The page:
Interactions between animals and coastal weeds

Interactions between animals and coastal weeds

by Charlotte Catmur


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This is one part of a University of Melbourne research project looking at just how bad coastal weeds are. It is a multi-disciplinary research project which seeks to collate existing information on the impacts of invasive coastal plants in Australasia and undertake formal research on impacts that have received the least attention. Including how weeds are impacting the geomorphology of beaches, animals interactions with weeds on the beach and the impact that weeds have on human interactions with beaches. This project is funded by the Rural Industries Research and Development Corporation.

The research is being undertaken by a multi-disciplinary team, including ecology, economics, psychology, sociology and geomorphology, with support from employees in State Government, Catchment Management Authorities, shires and local communities.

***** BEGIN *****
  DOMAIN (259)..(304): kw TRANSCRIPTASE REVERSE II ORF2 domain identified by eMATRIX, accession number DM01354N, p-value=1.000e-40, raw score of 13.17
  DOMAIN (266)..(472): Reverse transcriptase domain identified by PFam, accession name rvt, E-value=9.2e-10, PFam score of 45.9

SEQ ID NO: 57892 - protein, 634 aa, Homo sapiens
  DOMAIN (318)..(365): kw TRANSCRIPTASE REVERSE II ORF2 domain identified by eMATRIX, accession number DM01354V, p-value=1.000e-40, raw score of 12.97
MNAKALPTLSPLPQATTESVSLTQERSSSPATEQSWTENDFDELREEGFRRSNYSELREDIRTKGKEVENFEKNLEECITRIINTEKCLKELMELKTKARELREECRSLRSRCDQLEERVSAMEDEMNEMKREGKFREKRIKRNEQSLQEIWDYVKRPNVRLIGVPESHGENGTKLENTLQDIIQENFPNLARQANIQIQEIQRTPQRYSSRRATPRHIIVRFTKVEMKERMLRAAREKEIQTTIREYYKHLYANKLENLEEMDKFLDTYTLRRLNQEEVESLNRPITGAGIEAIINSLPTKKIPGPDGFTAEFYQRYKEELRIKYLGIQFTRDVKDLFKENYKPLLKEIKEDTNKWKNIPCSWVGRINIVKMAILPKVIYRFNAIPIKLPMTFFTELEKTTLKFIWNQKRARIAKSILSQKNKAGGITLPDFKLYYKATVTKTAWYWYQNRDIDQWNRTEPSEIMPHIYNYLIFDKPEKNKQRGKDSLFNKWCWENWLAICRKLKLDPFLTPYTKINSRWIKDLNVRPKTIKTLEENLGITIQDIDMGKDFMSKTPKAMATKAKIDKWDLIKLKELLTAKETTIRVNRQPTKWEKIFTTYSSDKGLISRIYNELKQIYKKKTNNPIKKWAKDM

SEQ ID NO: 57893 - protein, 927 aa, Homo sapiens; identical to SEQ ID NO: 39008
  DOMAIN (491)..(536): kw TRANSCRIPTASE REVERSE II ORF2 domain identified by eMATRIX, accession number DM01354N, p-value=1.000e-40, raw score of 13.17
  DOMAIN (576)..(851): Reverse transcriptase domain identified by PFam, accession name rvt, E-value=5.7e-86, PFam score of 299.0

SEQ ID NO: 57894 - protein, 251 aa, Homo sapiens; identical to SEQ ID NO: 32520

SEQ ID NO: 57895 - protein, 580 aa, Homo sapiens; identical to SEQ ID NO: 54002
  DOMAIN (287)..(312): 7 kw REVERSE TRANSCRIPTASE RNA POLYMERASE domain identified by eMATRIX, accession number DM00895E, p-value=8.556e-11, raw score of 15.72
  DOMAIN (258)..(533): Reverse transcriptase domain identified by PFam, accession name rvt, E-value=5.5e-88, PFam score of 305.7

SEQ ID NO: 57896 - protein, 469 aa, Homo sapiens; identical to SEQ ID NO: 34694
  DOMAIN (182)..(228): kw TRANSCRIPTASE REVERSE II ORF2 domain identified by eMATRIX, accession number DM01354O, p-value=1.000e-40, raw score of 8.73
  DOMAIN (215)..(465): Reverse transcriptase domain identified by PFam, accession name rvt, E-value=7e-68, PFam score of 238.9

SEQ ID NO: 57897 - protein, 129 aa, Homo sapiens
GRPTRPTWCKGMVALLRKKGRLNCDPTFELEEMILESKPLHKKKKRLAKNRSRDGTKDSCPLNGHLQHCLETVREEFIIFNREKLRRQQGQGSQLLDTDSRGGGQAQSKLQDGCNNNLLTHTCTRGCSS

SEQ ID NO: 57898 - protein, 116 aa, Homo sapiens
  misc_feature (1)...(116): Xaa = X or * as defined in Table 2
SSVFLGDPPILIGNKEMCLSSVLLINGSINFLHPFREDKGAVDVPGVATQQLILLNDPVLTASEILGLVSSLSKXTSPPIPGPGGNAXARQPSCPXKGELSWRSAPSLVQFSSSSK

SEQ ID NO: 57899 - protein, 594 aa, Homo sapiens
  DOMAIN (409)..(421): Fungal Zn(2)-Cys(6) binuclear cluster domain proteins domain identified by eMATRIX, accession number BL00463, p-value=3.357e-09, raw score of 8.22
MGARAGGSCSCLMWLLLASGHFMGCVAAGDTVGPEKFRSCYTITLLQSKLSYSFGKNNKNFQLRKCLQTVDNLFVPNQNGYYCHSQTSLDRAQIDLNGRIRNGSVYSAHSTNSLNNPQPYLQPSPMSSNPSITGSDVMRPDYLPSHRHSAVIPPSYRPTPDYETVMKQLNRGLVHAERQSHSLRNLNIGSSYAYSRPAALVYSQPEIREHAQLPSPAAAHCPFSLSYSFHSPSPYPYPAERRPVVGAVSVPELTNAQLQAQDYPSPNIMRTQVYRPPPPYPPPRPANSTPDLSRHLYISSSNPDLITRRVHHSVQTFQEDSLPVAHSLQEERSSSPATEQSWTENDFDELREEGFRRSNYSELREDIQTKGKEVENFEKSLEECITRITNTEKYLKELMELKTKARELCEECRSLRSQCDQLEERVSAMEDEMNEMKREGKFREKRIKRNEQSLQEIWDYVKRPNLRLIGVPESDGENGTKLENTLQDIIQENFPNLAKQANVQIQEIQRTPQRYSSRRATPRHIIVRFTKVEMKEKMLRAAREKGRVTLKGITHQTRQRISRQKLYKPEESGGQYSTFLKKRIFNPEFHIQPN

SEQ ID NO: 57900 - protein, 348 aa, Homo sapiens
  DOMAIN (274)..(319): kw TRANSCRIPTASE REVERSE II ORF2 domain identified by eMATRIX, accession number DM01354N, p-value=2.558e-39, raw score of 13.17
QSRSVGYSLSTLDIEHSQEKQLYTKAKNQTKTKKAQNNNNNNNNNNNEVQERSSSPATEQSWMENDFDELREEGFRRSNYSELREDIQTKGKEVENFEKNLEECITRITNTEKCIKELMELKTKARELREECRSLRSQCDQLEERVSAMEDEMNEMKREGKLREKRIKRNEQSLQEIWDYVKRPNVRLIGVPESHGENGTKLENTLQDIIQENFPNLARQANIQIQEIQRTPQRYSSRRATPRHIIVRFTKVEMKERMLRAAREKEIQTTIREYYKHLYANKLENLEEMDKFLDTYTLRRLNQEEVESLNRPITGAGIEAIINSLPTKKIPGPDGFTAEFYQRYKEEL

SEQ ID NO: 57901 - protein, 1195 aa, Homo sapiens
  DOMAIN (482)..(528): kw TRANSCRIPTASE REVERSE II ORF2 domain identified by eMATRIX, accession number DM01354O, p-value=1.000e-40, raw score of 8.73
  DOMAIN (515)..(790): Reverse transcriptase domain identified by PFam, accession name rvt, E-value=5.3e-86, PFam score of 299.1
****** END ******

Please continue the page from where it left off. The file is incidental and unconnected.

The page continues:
The research is based on our understanding that exotic plants seem to invade Australia’s coastal fringe with impunity, whether arriving by chance or through deliberate introduction. However, with the exception of funding of Coastcare groups of volunteers — whose coverage is fragmented — we take little action. Part of the reason for this is an almost complete lack of information on their impacts (or an under-appreciation of what these impacts might be). Invasive plants, particularly in coastal regions, have a wide variety of interdependent impacts, both direct and indirect. We may be ignoring them at our cost, or we may be right in treating them as low priorities.

This is part of the community observations dimension of the research. In addition to completing monthly observations we are seeking photographs that show interactions between animals and weeds.

Please add photographs with the name of the beach location attached.

Please email catmurc@unimelb.edu.au for more information


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